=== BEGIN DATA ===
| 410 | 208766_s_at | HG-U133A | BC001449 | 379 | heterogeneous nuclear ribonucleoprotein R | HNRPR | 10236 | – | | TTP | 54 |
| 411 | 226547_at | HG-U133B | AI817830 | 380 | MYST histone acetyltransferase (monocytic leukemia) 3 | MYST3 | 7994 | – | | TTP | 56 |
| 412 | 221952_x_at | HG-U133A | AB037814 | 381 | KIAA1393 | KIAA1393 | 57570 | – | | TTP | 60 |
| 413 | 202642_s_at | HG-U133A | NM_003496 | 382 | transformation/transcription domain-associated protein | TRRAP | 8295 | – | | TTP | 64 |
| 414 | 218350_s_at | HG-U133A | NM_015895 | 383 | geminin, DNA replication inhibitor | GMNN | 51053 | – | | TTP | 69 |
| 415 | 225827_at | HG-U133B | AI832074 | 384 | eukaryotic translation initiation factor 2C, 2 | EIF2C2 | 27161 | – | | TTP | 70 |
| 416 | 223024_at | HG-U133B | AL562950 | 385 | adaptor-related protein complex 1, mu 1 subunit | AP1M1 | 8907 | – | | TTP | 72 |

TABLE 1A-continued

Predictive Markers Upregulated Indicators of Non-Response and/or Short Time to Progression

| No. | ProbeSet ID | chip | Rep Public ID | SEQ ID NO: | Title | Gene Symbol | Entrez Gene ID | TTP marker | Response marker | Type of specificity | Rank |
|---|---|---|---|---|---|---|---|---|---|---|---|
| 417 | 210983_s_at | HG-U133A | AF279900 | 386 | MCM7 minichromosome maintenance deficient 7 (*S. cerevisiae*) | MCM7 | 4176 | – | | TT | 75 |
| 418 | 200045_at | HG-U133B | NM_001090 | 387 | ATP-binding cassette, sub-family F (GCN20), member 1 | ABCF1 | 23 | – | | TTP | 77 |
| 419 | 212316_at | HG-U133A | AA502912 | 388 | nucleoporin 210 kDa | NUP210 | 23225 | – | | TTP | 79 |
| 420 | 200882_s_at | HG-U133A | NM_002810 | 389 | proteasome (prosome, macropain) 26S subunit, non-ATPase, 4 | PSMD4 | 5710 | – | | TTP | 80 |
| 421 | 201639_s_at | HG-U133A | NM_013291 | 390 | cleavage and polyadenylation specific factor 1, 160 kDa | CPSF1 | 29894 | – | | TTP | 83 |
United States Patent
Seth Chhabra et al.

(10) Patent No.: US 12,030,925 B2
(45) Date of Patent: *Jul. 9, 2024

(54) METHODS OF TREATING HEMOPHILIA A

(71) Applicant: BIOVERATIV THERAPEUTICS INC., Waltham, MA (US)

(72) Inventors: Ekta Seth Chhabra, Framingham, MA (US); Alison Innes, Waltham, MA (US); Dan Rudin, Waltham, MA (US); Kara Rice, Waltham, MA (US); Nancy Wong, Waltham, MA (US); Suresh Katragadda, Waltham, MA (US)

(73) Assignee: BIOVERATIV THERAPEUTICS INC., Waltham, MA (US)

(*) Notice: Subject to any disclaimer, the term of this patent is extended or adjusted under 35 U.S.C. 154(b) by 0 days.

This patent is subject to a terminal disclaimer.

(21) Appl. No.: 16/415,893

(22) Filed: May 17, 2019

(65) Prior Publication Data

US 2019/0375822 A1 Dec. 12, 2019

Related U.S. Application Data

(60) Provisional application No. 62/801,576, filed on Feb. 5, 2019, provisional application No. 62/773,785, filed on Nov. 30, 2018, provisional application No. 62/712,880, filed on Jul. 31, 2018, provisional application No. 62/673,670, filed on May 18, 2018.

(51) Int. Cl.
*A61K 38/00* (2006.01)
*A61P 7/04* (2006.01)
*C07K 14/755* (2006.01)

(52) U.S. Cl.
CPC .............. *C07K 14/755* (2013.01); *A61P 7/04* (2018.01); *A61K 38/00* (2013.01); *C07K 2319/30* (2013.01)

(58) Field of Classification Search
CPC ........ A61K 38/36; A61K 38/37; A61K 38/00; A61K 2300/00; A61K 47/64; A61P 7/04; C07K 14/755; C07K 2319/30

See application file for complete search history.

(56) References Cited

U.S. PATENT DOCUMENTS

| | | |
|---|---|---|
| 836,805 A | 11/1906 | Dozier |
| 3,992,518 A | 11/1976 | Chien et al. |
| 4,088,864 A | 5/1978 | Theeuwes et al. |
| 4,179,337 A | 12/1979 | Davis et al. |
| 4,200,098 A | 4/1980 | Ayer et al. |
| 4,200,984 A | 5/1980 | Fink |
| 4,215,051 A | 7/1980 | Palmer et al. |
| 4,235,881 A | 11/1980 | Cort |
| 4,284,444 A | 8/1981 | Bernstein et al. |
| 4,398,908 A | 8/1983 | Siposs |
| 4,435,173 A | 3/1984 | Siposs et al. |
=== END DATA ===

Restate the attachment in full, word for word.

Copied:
| 410 | 208766_s_at | HG-U133A | BC001449 | 379 | heterogeneous nuclear ribonucleoprotein R | HNRPR | 10236 | – | | TTP | 54 |
| 411 | 226547_at | HG-U133B | AI817830 | 380 | MYST histone acetyltransferase (monocytic leukemia) 3 | MYST3 | 7994 | – | | TTP | 56 |
| 412 | 221952_x_at | HG-U133A | AB037814 | 381 | KIAA1393 | KIAA1393 | 57570 | – | | TTP | 60 |
| 413 | 202642_s_at | HG-U133A | NM_003496 | 382 | transformation/transcription domain-associated protein | TRRAP | 8295 | – | | TTP | 64 |
| 414 | 218350_s_at | HG-U133A | NM_015895 | 383 | geminin, DNA replication inhibitor | GMNN | 51053 | – | | TTP | 69 |
| 415 | 225827_at | HG-U133B | AI832074 | 384 | eukaryotic translation initiation factor 2C, 2 | EIF2C2 | 27161 | – | | TTP | 70 |
| 416 | 223024_at | HG-U133B | AL562950 | 385 | adaptor-related protein complex 1, mu 1 subunit | AP1M1 | 8907 | – | | TTP | 72 |

TABLE 1A-continued

Predictive Markers Upregulated Indicators of Non-Response and/or Short Time to Progression

| No. | ProbeSet ID | chip | Rep Public ID | SEQ ID NO: | Title | Gene Symbol | Entrez Gene ID | TTP marker | Response marker | Type of specificity | Rank |
|---|---|---|---|---|---|---|---|---|---|---|---|
| 417 | 210983_s_at | HG-U133A | AF279900 | 386 | MCM7 minichromosome maintenance deficient 7 (*S. cerevisiae*) | MCM7 | 4176 | – | | TT | 75 |
| 418 | 200045_at | HG-U133B | NM_001090 | 387 | ATP-binding cassette, sub-family F (GCN20), member 1 | ABCF1 | 23 | – | | TTP | 77 |
| 419 | 212316_at | HG-U133A | AA502912 | 388 | nucleoporin 210 kDa | NUP210 | 23225 | – | | TTP | 79 |
| 420 | 200882_s_at | HG-U133A | NM_002810 | 389 | proteasome (prosome, macropain) 26S subunit, non-ATPase, 4 | PSMD4 | 5710 | – | | TTP | 80 |
| 421 | 201639_s_at | HG-U133A | NM_013291 | 390 | cleavage and polyadenylation specific factor 1, 160 kDa | CPSF1 | 29894 | – | | TTP | 83 |
United States Patent
Seth Chhabra et al.

(10) Patent No.: US 12,030,925 B2
(45) Date of Patent: *Jul. 9, 2024

(54) METHODS OF TREATING HEMOPHILIA A

(71) Applicant: BIOVERATIV THERAPEUTICS INC., Waltham, MA (US)

(72) Inventors: Ekta Seth Chhabra, Framingham, MA (US); Alison Innes, Waltham, MA (US); Dan Rudin, Waltham, MA (US); Kara Rice, Waltham, MA (US); Nancy Wong, Waltham, MA (US); Suresh Katragadda, Waltham, MA (US)

(73) Assignee: BIOVERATIV THERAPEUTICS INC., Waltham, MA (US)

(*) Notice: Subject to any disclaimer, the term of this patent is extended or adjusted under 35 U.S.C. 154(b) by 0 days.

This patent is subject to a terminal disclaimer.

(21) Appl. No.: 16/415,893

(22) Filed: May 17, 2019

(65) Prior Publication Data

US 2019/0375822 A1 Dec. 12, 2019

Related U.S. Application Data

(60) Provisional application No. 62/801,576, filed on Feb. 5, 2019, provisional application No. 62/773,785, filed on Nov. 30, 2018, provisional application No. 62/712,880, filed on Jul. 31, 2018, provisional application No. 62/673,670, filed on May 18, 2018.

(51) Int. Cl.
*A61K 38/00* (2006.01)
*A61P 7/04* (2006.01)
*C07K 14/755* (2006.01)

(52) U.S. Cl.
CPC .............. *C07K 14/755* (2013.01); *A61P 7/04* (2018.01); *A61K 38/00* (2013.01); *C07K 2319/30* (2013.01)

(58) Field of Classification Search
CPC ........ A61K 38/36; A61K 38/37; A61K 38/00; A61K 2300/00; A61K 47/64; A61P 7/04; C07K 14/755; C07K 2319/30

See application file for complete search history.

(56) References Cited

U.S. PATENT DOCUMENTS

| | | |
|---|---|---|
| 836,805 A | 11/1906 | Dozier |
| 3,992,518 A | 11/1976 | Chien et al. |
| 4,088,864 A | 5/1978 | Theeuwes et al. |
| 4,179,337 A | 12/1979 | Davis et al. |
| 4,200,098 A | 4/1980 | Ayer et al. |
| 4,200,984 A | 5/1980 | Fink |
| 4,215,051 A | 7/1980 | Palmer et al. |
| 4,235,881 A | 11/1980 | Cort |
| 4,284,444 A | 8/1981 | Bernstein et al. |
| 4,398,908 A | 8/1983 | Siposs |
| 4,435,173 A | 3/1984 | Siposs et al. |